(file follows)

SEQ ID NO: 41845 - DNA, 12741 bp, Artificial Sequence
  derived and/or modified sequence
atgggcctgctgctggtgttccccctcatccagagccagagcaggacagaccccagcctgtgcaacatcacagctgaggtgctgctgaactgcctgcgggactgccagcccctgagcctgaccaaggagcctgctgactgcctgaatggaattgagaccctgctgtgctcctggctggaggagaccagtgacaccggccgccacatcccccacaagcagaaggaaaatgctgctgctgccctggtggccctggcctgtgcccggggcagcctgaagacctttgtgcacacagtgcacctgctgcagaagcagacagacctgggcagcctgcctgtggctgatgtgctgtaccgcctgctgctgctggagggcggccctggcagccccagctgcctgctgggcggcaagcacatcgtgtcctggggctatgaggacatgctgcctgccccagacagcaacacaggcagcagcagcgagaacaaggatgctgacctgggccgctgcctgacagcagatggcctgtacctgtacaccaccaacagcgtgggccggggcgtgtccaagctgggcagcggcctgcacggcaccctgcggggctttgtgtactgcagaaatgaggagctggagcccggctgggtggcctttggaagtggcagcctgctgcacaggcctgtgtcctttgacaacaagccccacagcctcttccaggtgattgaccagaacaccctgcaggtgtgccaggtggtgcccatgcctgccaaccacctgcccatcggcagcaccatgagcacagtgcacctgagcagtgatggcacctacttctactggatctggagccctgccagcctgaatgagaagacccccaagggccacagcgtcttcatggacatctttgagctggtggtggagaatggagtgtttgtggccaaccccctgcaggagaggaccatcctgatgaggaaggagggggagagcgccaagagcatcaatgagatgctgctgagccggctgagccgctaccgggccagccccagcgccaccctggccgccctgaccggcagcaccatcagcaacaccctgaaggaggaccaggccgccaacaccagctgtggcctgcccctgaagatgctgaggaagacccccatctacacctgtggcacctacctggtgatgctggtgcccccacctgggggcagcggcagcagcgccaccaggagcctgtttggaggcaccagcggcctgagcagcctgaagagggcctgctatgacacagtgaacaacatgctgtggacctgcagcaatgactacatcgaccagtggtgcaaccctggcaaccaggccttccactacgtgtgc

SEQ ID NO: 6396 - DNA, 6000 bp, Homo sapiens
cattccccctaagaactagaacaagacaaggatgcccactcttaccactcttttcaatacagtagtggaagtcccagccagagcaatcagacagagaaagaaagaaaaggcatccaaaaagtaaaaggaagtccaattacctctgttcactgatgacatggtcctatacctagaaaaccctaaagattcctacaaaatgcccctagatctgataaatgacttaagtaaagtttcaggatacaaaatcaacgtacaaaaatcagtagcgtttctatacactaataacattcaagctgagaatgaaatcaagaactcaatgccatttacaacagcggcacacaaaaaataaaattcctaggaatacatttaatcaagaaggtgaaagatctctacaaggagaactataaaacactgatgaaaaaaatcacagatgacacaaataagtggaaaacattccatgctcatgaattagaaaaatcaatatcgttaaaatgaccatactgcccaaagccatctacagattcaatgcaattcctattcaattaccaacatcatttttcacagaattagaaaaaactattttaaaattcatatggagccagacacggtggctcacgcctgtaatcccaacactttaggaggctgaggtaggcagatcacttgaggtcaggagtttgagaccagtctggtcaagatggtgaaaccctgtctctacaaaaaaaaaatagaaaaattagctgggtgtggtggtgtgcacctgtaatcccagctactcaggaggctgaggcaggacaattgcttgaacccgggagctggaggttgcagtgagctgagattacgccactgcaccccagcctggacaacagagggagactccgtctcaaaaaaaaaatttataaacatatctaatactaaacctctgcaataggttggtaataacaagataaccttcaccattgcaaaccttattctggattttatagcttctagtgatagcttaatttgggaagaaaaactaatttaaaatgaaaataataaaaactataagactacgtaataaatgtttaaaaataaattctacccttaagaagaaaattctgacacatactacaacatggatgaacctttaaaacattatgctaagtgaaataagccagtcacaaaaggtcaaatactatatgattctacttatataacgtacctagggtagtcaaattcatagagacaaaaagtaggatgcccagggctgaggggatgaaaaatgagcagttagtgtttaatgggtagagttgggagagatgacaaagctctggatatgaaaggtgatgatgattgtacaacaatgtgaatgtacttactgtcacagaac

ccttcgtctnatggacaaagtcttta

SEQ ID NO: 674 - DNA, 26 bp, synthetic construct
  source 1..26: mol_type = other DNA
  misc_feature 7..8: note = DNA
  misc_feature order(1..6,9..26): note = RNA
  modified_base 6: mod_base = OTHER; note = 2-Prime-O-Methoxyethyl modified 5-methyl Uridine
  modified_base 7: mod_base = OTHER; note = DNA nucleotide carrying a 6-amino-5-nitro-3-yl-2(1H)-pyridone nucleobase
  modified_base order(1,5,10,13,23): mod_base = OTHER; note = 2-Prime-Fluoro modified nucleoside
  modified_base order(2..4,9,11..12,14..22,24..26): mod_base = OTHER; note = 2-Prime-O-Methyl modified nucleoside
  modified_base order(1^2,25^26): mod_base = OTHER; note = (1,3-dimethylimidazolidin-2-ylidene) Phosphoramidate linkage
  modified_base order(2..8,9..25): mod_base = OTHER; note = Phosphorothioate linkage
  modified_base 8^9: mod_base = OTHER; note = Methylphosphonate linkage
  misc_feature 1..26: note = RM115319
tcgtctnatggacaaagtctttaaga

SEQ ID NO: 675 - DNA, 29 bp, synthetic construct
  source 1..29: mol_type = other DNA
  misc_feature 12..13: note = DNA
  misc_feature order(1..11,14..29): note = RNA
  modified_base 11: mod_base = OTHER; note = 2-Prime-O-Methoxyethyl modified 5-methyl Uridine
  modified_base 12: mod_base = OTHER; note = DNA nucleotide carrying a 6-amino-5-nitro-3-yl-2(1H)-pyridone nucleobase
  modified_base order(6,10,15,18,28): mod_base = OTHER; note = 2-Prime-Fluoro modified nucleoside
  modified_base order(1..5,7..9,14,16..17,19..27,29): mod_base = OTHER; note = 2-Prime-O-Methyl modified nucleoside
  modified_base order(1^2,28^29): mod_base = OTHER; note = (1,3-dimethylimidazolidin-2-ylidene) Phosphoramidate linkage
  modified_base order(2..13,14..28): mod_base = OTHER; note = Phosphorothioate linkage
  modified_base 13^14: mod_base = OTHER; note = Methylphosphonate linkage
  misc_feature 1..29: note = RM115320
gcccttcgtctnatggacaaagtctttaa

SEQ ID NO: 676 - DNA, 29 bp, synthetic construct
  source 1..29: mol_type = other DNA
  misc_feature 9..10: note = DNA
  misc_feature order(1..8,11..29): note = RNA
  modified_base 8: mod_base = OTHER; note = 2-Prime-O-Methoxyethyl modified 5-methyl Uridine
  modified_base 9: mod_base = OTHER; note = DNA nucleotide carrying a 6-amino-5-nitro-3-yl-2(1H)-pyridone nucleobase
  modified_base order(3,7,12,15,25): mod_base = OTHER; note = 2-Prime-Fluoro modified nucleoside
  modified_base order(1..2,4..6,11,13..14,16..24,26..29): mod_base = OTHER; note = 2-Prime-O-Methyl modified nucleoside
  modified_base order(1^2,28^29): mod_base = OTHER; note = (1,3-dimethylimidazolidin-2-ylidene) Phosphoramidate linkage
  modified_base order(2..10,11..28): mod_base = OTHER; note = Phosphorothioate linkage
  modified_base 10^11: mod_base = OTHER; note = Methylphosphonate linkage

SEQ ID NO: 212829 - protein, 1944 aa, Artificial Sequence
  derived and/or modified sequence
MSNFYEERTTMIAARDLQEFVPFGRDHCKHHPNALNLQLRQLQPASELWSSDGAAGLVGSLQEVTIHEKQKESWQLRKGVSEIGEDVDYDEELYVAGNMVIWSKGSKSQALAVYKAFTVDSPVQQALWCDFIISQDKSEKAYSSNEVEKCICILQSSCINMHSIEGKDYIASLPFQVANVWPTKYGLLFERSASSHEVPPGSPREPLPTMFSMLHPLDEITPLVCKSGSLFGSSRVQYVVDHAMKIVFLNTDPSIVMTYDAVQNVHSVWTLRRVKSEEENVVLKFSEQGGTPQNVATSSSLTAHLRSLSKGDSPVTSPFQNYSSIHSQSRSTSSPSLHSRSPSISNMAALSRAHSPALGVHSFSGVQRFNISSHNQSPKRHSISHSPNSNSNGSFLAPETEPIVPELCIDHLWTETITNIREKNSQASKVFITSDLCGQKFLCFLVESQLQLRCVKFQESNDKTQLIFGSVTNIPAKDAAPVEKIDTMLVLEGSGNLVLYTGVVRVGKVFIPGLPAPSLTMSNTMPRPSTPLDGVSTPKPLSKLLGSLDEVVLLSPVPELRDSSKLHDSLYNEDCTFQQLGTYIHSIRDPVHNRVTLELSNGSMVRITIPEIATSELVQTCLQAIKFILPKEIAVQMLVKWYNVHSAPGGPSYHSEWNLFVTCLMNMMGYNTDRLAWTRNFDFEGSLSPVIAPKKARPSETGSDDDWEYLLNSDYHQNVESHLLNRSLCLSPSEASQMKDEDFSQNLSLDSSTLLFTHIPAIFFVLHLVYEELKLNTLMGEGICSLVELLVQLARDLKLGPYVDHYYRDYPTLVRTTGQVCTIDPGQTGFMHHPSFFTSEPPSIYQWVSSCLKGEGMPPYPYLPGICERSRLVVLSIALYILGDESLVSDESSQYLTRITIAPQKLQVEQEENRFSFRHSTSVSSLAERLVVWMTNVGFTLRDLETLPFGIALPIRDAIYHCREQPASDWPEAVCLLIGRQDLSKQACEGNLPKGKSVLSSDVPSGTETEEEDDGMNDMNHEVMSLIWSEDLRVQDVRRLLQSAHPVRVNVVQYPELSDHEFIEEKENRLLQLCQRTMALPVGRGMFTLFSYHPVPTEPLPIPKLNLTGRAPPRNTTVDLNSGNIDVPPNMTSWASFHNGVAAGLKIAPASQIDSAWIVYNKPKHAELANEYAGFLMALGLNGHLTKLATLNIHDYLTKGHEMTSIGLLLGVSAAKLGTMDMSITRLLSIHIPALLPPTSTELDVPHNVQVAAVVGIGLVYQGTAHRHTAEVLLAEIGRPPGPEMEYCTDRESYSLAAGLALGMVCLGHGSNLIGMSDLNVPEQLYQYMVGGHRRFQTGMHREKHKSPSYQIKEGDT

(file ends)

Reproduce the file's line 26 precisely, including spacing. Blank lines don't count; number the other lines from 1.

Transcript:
  modified_base order(6,10,15,18,28): mod_base = OTHER; note = 2-Prime-Fluoro modified nucleoside